Tony Gillam explores the growing interest in this type of activity in health care and how the various forms this takes can enhance the work of practitioners and the recovery of patients
With greater awareness of the concept of creativity, mental health practitioners can learn to combine novelty, effectiveness and ethicality with discipline and playfulness to develop a more creative state of mind in their area of practice. Clinical supervision, positive risk-taking and work with arts therapists can encourage this. Contemporary mental health care needs to be multidimensional; that is knowledge-based, collaborative and holistic, and patient and recovery-centred.
The author considers the notion of creativity and the interaction between it and caring interventions. He invites mental health nurses and other practitioners to explore these concepts, and to reflect on how creativity can be applied in practice and how mental health care might be seen as a creative activity in itself.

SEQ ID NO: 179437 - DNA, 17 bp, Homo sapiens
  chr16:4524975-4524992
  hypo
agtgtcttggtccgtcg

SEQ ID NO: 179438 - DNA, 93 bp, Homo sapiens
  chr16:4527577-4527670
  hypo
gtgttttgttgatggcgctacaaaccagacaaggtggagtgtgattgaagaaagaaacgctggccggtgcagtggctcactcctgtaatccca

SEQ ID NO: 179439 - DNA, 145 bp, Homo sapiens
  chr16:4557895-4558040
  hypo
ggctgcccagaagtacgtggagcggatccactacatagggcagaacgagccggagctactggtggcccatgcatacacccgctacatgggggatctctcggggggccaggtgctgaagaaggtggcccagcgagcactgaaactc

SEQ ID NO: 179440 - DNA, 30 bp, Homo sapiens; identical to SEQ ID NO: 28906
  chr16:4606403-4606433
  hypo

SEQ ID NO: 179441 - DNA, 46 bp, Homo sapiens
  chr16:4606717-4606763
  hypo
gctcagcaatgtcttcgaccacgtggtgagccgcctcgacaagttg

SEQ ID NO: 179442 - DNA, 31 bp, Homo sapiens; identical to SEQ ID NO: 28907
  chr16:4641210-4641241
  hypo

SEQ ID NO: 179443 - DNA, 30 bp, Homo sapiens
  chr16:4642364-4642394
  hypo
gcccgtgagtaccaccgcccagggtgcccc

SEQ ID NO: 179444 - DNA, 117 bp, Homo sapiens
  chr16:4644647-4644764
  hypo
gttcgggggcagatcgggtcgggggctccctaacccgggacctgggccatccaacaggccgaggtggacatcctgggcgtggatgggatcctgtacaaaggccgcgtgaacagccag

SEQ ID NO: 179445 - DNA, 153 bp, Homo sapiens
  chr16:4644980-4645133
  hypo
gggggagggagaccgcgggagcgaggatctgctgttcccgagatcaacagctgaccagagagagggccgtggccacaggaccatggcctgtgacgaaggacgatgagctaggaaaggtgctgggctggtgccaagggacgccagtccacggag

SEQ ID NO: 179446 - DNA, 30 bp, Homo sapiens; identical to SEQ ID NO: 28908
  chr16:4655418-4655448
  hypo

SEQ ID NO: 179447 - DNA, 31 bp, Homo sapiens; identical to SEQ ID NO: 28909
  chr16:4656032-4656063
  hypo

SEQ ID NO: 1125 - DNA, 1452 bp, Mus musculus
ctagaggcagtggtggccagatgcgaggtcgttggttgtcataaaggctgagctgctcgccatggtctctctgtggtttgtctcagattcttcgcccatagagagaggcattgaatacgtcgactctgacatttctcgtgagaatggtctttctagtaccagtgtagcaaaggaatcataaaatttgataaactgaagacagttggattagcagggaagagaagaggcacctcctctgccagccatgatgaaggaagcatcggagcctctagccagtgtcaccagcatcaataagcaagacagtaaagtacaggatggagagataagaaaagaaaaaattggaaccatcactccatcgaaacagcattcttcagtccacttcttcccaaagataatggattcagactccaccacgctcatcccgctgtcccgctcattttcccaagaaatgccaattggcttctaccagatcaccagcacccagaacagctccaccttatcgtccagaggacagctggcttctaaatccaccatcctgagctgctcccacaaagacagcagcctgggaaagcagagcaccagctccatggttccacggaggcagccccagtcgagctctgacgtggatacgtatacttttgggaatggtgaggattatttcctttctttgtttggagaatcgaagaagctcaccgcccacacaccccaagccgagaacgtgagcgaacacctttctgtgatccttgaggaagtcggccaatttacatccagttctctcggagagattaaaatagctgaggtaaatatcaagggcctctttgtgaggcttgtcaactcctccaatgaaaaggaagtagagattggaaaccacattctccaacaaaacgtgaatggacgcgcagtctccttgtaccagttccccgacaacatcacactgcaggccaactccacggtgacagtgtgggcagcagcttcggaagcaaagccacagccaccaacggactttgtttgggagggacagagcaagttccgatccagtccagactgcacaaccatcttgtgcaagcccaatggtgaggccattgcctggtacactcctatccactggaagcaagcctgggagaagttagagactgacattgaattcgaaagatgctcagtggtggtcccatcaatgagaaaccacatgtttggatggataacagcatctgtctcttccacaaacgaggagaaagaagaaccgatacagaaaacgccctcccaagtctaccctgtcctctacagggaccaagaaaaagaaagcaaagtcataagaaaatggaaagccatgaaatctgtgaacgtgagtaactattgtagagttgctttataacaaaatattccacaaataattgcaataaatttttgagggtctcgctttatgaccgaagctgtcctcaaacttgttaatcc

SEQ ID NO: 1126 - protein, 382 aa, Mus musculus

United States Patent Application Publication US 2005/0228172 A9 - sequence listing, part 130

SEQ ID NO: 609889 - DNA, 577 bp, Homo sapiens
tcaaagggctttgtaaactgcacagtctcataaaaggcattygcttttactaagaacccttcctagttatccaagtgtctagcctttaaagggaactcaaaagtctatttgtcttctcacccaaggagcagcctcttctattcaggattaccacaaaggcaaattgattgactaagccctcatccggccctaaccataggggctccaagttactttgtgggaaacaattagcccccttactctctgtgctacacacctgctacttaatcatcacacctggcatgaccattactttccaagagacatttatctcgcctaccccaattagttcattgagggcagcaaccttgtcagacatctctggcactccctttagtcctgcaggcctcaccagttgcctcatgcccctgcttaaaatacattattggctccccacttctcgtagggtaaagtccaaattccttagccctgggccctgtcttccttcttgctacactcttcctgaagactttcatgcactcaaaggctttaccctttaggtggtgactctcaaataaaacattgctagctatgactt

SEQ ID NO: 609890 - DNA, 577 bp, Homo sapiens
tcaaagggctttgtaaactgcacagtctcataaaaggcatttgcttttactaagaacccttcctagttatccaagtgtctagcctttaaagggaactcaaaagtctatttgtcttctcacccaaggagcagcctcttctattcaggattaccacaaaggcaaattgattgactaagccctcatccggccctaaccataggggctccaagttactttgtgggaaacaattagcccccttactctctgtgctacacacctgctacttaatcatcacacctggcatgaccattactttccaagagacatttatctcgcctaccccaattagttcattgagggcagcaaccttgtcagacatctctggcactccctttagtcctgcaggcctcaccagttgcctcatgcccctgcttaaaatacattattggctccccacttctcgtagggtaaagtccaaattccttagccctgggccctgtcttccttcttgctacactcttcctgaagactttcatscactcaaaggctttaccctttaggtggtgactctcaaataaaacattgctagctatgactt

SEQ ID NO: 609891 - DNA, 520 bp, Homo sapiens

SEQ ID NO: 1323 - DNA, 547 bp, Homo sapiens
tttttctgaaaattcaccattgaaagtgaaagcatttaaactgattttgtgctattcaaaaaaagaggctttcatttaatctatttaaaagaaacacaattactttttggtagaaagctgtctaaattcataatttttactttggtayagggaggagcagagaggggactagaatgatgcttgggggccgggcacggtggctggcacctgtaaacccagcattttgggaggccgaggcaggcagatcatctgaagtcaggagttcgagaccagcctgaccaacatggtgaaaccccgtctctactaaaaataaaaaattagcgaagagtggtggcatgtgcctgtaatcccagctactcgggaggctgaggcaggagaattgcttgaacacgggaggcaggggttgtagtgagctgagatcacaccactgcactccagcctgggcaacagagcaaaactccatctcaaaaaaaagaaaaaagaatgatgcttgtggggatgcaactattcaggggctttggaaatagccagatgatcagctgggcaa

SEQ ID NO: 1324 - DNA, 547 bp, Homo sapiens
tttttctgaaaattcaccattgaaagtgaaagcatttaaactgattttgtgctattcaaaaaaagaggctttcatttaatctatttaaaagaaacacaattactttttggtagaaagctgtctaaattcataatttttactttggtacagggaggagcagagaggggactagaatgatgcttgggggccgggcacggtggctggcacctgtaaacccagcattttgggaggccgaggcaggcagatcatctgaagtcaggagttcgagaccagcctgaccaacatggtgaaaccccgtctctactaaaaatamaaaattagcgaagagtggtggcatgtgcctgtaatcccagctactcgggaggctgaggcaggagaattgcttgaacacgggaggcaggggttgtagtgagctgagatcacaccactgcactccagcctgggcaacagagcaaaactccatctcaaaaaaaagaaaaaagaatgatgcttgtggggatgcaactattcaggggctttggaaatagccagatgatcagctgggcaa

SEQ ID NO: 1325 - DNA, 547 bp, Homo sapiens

Mental Health Practice. 16, 9, 24-30. doi: 10.7748/mhp2013.06.16.9.24.e807Correspondence
None declaredPeer review
This article has been subject to double blind peer review
Received: 13 March 2012
Accepted: 20 July 2012
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